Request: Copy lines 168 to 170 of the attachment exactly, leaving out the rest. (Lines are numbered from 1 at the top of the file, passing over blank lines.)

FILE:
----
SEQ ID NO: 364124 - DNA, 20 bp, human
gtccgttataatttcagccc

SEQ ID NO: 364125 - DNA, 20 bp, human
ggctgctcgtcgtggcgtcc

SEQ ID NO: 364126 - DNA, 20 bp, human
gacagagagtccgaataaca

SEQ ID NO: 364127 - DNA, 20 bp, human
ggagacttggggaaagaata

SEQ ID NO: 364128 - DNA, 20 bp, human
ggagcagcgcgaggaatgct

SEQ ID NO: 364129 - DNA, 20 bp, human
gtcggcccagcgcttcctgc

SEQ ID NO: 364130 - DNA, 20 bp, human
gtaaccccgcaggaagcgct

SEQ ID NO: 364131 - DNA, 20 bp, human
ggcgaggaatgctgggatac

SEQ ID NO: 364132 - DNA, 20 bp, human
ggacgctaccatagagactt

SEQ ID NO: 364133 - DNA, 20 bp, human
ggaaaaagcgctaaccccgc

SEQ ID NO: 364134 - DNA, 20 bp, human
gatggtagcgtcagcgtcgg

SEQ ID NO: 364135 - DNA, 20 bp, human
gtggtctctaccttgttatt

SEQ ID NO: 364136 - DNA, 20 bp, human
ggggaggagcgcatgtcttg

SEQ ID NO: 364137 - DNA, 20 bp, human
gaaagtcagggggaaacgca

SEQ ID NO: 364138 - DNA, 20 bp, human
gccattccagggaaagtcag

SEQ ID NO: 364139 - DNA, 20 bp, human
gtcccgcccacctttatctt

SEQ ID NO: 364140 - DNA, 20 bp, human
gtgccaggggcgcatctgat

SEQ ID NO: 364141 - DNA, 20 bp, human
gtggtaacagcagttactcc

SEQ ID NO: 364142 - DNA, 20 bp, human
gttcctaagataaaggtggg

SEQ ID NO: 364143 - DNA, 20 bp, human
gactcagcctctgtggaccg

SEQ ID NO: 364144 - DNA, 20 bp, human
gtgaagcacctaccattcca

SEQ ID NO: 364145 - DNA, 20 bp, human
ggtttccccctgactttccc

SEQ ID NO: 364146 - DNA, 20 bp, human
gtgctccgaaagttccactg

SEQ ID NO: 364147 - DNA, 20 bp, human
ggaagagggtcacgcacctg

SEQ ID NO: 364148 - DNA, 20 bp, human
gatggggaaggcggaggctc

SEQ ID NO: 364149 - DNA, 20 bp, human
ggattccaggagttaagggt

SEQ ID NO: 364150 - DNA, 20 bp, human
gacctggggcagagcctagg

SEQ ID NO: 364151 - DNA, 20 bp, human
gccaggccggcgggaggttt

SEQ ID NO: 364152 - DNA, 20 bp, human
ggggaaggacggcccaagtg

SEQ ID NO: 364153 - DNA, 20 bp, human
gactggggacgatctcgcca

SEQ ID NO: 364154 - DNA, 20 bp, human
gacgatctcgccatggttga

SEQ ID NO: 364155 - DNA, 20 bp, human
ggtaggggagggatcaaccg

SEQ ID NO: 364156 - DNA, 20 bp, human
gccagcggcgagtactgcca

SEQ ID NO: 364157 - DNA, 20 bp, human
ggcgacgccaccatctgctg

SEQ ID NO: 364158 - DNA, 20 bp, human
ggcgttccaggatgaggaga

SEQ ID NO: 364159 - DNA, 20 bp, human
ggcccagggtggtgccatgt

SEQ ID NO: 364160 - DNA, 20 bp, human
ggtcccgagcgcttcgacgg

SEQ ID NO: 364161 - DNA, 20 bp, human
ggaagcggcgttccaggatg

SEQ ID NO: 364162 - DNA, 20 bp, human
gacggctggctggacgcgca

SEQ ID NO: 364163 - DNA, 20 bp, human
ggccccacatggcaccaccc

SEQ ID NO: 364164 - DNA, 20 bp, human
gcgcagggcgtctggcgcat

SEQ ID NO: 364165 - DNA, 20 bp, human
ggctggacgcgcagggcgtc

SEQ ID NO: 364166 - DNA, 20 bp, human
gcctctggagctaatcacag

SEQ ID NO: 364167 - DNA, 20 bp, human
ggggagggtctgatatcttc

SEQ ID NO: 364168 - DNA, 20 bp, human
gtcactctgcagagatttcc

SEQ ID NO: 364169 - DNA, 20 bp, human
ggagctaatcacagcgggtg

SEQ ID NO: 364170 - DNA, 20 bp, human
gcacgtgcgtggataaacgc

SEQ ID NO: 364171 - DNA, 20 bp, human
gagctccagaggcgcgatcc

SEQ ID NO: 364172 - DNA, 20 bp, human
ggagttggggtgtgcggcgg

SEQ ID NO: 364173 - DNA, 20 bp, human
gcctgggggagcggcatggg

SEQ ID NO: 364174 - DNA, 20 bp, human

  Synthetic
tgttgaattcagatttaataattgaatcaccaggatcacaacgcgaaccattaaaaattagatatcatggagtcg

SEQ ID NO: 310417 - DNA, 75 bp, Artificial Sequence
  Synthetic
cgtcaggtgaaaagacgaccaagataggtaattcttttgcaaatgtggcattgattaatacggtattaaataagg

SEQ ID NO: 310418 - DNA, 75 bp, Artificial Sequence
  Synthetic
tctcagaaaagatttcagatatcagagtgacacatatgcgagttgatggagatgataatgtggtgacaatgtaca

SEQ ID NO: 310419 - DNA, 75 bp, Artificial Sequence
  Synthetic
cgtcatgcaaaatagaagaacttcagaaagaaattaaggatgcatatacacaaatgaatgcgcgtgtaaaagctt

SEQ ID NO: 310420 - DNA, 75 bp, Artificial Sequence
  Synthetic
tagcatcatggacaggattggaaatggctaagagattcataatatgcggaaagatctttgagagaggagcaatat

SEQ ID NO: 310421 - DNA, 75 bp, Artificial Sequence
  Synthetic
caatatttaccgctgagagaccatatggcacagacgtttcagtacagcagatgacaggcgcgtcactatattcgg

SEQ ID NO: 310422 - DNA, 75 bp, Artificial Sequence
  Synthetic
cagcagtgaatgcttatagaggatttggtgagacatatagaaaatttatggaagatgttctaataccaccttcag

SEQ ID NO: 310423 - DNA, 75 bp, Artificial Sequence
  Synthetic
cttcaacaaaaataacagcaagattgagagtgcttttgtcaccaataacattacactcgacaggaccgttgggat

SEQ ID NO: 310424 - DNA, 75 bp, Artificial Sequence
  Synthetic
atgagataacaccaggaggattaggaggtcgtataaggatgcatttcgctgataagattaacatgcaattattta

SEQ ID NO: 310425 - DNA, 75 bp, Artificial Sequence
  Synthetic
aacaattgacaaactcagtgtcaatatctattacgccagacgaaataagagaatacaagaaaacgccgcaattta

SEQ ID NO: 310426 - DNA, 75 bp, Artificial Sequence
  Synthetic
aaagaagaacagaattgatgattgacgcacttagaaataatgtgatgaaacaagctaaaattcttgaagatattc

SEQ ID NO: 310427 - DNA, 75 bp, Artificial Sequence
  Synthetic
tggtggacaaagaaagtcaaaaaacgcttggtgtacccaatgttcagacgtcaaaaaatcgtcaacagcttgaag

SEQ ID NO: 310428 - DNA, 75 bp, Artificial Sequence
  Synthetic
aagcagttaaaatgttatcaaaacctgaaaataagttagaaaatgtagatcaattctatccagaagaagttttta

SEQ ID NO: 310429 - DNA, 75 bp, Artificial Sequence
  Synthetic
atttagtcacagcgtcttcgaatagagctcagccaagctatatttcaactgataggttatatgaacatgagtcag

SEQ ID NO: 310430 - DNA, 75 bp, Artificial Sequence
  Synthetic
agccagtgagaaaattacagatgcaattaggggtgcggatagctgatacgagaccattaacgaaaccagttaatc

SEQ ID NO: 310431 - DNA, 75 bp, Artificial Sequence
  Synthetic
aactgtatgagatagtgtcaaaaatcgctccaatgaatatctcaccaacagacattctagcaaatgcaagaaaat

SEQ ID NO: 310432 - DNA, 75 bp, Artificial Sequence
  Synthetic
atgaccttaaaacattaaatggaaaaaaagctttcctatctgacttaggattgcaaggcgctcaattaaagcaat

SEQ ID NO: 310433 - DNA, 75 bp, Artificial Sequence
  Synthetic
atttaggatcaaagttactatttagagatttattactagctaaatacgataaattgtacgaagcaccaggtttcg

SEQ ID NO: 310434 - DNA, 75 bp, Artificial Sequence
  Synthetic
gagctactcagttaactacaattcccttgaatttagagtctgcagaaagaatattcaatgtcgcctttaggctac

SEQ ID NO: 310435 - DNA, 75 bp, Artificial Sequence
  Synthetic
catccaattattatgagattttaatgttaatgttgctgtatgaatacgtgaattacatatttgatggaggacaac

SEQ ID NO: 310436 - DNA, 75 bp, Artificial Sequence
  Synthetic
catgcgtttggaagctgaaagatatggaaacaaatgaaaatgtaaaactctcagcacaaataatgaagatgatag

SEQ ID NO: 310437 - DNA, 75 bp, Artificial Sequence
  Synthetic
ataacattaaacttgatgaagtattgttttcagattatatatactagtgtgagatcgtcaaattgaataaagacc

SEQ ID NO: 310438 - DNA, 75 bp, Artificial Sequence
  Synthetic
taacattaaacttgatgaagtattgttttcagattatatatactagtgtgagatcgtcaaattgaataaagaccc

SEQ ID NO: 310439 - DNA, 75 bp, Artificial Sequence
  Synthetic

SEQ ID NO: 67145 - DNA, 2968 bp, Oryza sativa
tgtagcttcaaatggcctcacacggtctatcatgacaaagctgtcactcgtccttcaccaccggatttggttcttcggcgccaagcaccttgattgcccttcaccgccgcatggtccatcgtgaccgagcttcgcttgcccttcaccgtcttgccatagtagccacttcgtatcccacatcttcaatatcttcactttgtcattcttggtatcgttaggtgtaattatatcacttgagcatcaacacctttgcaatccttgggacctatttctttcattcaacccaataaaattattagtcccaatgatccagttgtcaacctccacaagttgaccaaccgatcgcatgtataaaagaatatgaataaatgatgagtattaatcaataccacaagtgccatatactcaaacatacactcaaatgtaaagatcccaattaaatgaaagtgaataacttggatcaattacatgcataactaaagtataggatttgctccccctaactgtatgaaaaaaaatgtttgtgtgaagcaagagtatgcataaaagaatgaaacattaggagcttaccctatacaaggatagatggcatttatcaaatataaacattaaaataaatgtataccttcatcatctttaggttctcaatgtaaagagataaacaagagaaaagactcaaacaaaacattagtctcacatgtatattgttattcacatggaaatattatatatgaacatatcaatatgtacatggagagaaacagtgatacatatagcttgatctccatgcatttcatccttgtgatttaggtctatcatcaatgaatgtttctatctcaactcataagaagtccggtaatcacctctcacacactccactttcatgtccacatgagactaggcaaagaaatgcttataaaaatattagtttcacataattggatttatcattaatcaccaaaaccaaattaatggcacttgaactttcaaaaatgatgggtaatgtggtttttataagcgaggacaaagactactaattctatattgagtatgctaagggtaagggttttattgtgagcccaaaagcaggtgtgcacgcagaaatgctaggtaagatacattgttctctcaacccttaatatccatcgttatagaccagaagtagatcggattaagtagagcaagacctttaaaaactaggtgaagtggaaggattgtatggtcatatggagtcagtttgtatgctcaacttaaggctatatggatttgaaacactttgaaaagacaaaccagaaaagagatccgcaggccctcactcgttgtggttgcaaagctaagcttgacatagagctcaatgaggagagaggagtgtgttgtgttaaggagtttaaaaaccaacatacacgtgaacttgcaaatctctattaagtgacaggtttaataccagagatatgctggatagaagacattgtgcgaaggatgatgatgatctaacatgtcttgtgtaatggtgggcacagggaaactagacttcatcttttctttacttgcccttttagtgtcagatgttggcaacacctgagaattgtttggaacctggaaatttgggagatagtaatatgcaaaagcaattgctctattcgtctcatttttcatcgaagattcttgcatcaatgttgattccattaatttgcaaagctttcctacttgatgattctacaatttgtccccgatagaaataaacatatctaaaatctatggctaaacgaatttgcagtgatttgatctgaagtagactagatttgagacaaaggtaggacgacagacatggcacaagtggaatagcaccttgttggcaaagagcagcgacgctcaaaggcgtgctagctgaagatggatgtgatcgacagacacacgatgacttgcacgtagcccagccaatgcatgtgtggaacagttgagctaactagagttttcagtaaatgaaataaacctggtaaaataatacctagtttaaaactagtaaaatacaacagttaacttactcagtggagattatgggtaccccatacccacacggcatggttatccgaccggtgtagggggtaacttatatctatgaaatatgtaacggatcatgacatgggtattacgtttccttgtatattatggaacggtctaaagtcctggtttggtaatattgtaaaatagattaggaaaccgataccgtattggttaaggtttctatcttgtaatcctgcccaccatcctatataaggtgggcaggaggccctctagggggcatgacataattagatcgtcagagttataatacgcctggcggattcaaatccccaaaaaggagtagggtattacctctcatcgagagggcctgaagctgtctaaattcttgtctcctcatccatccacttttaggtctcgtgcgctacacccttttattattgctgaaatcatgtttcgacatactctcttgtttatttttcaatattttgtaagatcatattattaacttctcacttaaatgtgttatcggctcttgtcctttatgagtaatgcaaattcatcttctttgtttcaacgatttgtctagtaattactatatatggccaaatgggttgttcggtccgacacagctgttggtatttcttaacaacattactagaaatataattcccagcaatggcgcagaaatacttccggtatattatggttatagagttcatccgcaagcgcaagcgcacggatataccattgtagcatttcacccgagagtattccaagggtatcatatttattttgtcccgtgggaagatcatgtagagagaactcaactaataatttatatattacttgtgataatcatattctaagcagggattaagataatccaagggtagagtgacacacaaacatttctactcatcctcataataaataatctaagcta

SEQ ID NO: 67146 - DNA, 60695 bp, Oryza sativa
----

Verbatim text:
  Synthetic
taacattaaacttgatgaagtattgttttcagattatatatactagtgtgagatcgtcaaattgaataaagaccc

SEQ ID NO: 310439 - DNA, 75 bp, Artificial Sequence